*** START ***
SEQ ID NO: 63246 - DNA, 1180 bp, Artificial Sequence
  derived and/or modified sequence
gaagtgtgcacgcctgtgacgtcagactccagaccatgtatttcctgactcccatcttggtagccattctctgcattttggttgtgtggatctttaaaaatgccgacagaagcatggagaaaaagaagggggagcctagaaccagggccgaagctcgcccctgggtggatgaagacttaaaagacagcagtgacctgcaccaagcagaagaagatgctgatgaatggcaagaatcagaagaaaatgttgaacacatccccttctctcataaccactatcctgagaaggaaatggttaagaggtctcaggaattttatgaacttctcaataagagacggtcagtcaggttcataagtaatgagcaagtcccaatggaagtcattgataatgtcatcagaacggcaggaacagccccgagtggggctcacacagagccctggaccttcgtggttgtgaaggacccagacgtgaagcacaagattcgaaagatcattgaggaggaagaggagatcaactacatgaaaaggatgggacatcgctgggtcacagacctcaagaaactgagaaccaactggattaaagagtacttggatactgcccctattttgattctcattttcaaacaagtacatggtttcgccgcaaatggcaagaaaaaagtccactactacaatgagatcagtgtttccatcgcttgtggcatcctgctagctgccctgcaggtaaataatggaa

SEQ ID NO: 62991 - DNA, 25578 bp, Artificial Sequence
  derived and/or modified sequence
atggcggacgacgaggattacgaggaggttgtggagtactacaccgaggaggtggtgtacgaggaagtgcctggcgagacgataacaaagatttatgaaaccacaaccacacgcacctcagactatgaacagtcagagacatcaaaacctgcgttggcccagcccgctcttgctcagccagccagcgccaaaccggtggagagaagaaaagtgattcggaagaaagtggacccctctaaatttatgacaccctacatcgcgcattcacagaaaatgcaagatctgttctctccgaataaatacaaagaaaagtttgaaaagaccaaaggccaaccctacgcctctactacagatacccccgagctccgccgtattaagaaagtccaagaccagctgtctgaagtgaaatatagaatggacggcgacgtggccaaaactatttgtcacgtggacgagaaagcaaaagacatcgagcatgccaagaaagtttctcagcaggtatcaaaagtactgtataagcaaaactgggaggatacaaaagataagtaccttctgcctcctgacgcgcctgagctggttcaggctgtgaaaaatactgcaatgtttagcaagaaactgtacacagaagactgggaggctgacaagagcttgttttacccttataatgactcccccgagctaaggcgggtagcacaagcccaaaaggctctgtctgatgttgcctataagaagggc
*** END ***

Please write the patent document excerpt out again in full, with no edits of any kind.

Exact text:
SEQ ID NO: 63246 - DNA, 1180 bp, Artificial Sequence
  derived and/or modified sequence
gaagtgtgcacgcctgtgacgtcagactccagaccatgtatttcctgactcccatcttggtagccattctctgcattttggttgtgtggatctttaaaaatgccgacagaagcatggagaaaaagaagggggagcctagaaccagggccgaagctcgcccctgggtggatgaagacttaaaagacagcagtgacctgcaccaagcagaagaagatgctgatgaatggcaagaatcagaagaaaatgttgaacacatccccttctctcataaccactatcctgagaaggaaatggttaagaggtctcaggaattttatgaacttctcaataagagacggtcagtcaggttcataagtaatgagcaagtcccaatggaagtcattgataatgtcatcagaacggcaggaacagccccgagtggggctcacacagagccctggaccttcgtggttgtgaaggacccagacgtgaagcacaagattcgaaagatcattgaggaggaagaggagatcaactacatgaaaaggatgggacatcgctgggtcacagacctcaagaaactgagaaccaactggattaaagagtacttggatactgcccctattttgattctcattttcaaacaagtacatggtttcgccgcaaatggcaagaaaaaagtccactactacaatgagatcagtgtttccatcgcttgtggcatcctgctagctgccctgcaggtaaataatggaa

SEQ ID NO: 62991 - DNA, 25578 bp, Artificial Sequence
  derived and/or modified sequence
atggcggacgacgaggattacgaggaggttgtggagtactacaccgaggaggtggtgtacgaggaagtgcctggcgagacgataacaaagatttatgaaaccacaaccacacgcacctcagactatgaacagtcagagacatcaaaacctgcgttggcccagcccgctcttgctcagccagccagcgccaaaccggtggagagaagaaaagtgattcggaagaaagtggacccctctaaatttatgacaccctacatcgcgcattcacagaaaatgcaagatctgttctctccgaataaatacaaagaaaagtttgaaaagaccaaaggccaaccctacgcctctactacagatacccccgagctccgccgtattaagaaagtccaagaccagctgtctgaagtgaaatatagaatggacggcgacgtggccaaaactatttgtcacgtggacgagaaagcaaaagacatcgagcatgccaagaaagtttctcagcaggtatcaaaagtactgtataagcaaaactgggaggatacaaaagataagtaccttctgcctcctgacgcgcctgagctggttcaggctgtgaaaaatactgcaatgtttagcaagaaactgtacacagaagactgggaggctgacaagagcttgttttacccttataatgactcccccgagctaaggcgggtagcacaagcccaaaaggctctgtctgatgttgcctataagaagggc